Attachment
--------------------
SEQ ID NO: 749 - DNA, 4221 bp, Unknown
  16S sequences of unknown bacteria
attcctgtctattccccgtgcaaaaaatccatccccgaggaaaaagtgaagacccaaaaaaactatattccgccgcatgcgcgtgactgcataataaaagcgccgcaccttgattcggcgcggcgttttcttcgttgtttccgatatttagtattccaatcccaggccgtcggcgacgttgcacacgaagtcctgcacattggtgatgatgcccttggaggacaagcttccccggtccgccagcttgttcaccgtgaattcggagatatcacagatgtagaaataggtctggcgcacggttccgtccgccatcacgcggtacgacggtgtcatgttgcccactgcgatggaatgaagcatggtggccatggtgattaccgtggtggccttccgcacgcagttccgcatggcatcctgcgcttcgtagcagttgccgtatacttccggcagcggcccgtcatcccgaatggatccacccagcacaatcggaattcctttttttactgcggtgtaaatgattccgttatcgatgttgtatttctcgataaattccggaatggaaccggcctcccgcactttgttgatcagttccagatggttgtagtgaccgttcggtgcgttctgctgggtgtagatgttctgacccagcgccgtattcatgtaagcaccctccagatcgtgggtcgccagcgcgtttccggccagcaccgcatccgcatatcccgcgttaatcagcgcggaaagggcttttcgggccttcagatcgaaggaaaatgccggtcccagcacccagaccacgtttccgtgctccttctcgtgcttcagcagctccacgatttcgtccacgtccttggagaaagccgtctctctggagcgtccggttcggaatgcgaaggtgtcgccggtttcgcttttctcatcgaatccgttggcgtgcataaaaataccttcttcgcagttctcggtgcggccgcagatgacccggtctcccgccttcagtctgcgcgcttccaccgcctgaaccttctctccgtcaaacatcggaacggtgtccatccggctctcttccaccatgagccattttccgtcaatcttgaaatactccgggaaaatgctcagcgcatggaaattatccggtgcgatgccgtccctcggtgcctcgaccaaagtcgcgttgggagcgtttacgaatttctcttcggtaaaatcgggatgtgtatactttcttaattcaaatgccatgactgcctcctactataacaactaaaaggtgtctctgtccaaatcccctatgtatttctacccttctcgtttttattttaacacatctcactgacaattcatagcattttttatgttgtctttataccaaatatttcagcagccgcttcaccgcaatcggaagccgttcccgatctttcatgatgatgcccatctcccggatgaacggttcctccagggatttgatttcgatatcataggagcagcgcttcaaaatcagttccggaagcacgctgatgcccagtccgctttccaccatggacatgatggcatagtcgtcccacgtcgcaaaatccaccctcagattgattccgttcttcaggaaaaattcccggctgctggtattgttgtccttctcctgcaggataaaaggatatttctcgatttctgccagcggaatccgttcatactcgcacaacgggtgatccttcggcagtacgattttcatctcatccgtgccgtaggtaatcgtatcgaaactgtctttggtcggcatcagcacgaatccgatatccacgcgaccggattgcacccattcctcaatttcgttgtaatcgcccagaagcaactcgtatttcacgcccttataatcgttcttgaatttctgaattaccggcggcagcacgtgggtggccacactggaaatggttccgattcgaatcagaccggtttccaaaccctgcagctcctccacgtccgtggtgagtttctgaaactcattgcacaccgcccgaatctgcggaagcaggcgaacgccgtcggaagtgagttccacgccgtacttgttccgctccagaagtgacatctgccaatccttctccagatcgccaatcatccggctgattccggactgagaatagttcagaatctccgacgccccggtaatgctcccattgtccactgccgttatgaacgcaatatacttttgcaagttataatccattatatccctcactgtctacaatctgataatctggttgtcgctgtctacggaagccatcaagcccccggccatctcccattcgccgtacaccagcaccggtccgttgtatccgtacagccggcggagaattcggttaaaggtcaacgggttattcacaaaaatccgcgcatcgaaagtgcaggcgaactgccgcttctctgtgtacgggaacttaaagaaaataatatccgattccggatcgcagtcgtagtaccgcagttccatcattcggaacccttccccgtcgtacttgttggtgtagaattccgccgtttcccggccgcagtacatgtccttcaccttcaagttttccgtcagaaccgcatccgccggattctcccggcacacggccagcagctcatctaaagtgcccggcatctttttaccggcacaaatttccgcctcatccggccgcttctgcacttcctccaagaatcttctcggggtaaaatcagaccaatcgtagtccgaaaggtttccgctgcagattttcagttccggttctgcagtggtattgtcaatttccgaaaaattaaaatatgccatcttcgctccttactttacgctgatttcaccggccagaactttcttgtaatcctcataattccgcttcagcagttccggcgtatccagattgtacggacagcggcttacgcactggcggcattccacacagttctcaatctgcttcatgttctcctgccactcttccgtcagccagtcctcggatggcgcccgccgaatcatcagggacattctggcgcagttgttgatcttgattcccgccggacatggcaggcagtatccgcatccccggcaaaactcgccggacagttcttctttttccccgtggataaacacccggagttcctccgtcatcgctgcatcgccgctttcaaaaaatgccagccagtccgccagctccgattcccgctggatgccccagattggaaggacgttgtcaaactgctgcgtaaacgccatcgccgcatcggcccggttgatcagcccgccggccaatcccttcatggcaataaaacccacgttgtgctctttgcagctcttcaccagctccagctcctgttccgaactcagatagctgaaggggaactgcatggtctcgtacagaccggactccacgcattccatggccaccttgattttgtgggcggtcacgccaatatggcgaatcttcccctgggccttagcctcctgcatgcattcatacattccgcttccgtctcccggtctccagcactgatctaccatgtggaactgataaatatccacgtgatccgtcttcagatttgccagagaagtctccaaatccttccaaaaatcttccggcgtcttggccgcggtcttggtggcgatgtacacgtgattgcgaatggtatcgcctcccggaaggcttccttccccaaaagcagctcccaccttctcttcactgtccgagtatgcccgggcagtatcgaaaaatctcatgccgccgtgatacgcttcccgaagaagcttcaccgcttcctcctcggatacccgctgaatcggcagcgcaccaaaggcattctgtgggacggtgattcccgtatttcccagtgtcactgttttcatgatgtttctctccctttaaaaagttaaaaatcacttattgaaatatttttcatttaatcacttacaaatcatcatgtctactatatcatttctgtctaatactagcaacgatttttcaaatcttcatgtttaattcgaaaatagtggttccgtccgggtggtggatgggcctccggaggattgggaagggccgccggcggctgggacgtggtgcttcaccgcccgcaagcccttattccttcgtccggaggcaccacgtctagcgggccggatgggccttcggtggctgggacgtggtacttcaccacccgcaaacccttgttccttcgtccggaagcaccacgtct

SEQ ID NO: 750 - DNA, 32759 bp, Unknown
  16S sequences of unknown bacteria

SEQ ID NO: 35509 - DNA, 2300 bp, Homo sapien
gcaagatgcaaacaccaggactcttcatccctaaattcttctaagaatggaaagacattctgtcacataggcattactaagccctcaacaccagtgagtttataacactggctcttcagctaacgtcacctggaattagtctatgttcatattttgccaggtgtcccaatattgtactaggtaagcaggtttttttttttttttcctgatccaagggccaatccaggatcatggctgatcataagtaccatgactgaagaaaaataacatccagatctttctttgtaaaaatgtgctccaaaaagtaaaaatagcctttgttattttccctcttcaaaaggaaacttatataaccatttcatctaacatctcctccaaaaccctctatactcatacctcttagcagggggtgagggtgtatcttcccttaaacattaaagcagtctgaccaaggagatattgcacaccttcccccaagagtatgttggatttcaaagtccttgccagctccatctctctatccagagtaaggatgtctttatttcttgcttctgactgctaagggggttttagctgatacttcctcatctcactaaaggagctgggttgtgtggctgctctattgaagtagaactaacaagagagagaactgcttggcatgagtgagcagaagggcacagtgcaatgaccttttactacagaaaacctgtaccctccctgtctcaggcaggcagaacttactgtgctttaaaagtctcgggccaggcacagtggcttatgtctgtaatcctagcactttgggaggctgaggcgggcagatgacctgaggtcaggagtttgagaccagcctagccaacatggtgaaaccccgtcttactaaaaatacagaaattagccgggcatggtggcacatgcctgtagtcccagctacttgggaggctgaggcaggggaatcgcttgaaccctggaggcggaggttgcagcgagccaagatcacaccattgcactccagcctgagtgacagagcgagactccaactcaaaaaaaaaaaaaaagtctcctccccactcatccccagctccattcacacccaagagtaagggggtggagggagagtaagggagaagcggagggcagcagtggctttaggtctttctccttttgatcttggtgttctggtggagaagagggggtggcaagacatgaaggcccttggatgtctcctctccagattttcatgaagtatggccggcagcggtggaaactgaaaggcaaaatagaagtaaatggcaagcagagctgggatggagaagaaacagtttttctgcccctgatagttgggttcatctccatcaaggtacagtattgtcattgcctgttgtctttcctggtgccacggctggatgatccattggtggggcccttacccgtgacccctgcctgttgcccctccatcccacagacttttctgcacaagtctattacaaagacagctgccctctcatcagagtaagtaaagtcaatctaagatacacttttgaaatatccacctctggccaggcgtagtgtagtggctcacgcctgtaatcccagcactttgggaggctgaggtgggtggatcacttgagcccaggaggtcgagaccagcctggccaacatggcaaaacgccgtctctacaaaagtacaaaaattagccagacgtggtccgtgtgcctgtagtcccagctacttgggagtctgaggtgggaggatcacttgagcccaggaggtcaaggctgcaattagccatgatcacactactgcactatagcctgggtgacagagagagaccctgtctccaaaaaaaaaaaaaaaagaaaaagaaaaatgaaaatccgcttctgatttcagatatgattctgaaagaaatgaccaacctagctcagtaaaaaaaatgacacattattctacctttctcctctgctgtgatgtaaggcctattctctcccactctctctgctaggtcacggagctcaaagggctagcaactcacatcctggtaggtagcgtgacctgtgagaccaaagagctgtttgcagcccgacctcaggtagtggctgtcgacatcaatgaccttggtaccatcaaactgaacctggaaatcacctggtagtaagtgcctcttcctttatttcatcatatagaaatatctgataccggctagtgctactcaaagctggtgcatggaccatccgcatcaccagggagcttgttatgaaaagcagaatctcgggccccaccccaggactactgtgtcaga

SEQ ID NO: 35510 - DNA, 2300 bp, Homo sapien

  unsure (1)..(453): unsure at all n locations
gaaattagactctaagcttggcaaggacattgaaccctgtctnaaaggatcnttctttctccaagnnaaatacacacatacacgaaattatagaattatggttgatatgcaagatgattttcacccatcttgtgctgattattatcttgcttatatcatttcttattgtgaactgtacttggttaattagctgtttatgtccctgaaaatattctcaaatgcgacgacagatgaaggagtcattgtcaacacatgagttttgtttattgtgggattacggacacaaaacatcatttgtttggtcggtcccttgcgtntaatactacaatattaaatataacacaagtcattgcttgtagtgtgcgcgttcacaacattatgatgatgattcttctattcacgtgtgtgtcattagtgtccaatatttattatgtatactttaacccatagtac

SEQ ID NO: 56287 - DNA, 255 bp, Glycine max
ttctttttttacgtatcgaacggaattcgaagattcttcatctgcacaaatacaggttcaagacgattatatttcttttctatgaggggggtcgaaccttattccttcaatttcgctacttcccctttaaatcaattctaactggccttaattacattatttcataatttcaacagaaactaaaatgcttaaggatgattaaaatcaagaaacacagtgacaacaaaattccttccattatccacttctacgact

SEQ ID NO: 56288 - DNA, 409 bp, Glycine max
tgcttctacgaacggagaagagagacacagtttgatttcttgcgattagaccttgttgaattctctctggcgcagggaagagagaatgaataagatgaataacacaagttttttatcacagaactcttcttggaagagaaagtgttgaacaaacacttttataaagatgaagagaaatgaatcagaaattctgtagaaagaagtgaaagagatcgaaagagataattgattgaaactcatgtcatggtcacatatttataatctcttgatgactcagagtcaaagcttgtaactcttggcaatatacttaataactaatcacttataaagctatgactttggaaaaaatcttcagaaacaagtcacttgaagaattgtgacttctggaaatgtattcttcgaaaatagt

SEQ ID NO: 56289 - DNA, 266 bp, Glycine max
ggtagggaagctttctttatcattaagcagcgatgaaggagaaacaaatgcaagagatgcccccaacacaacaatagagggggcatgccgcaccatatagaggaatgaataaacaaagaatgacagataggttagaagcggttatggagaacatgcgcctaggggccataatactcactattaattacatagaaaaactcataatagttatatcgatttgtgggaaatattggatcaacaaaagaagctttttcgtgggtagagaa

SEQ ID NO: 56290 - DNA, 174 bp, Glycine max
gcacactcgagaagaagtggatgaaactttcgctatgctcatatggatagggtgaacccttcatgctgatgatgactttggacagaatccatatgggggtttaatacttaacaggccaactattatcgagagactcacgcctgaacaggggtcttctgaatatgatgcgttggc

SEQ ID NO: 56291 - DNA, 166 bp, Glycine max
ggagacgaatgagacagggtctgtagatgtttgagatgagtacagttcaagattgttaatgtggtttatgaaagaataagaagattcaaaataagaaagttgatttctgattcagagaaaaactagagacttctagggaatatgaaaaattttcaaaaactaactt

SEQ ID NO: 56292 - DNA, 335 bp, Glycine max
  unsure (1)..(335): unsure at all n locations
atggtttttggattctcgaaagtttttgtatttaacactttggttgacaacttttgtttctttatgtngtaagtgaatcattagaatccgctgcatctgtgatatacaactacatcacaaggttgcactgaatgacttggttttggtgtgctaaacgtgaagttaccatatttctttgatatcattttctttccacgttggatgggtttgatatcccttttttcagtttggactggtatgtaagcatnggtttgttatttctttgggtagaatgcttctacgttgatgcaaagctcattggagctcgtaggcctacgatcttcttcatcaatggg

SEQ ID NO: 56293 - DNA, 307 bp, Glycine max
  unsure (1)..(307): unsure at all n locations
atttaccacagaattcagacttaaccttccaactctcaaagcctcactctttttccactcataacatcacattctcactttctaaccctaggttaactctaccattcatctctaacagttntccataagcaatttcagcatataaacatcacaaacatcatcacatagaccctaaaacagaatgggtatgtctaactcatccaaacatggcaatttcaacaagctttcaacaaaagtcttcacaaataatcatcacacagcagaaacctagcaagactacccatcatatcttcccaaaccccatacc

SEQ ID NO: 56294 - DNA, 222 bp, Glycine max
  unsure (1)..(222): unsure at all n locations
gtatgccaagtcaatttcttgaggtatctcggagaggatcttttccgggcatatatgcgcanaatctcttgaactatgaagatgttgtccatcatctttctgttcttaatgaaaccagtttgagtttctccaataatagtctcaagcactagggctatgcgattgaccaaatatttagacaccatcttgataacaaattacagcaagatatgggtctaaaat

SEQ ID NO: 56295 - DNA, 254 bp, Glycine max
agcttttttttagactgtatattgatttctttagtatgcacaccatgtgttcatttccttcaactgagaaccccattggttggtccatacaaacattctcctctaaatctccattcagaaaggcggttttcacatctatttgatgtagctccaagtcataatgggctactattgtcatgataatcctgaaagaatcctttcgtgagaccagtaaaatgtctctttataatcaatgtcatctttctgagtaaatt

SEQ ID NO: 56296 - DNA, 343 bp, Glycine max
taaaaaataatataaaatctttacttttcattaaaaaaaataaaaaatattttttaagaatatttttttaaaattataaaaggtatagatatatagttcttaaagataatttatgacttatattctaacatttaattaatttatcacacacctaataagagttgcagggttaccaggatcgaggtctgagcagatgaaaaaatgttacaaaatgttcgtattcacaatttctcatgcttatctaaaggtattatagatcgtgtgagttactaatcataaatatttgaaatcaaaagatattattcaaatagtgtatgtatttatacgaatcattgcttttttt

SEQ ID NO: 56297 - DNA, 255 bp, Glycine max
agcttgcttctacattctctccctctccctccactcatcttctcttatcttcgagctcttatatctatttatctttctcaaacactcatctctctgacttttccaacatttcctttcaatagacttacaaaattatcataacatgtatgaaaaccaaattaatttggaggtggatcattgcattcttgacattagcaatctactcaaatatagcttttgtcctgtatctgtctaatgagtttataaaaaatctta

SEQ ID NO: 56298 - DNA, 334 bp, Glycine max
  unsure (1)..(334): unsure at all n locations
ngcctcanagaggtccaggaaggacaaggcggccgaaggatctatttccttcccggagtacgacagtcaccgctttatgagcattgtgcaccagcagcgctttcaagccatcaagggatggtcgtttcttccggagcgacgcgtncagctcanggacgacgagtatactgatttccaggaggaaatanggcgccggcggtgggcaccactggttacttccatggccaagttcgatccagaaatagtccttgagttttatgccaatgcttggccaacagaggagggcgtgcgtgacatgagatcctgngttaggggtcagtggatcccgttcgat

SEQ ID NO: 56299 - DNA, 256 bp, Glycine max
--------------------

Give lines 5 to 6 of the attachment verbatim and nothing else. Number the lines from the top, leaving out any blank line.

  16S sequences of unknown bacteria

SEQ ID NO: 35509 - DNA, 2300 bp, Homo sapien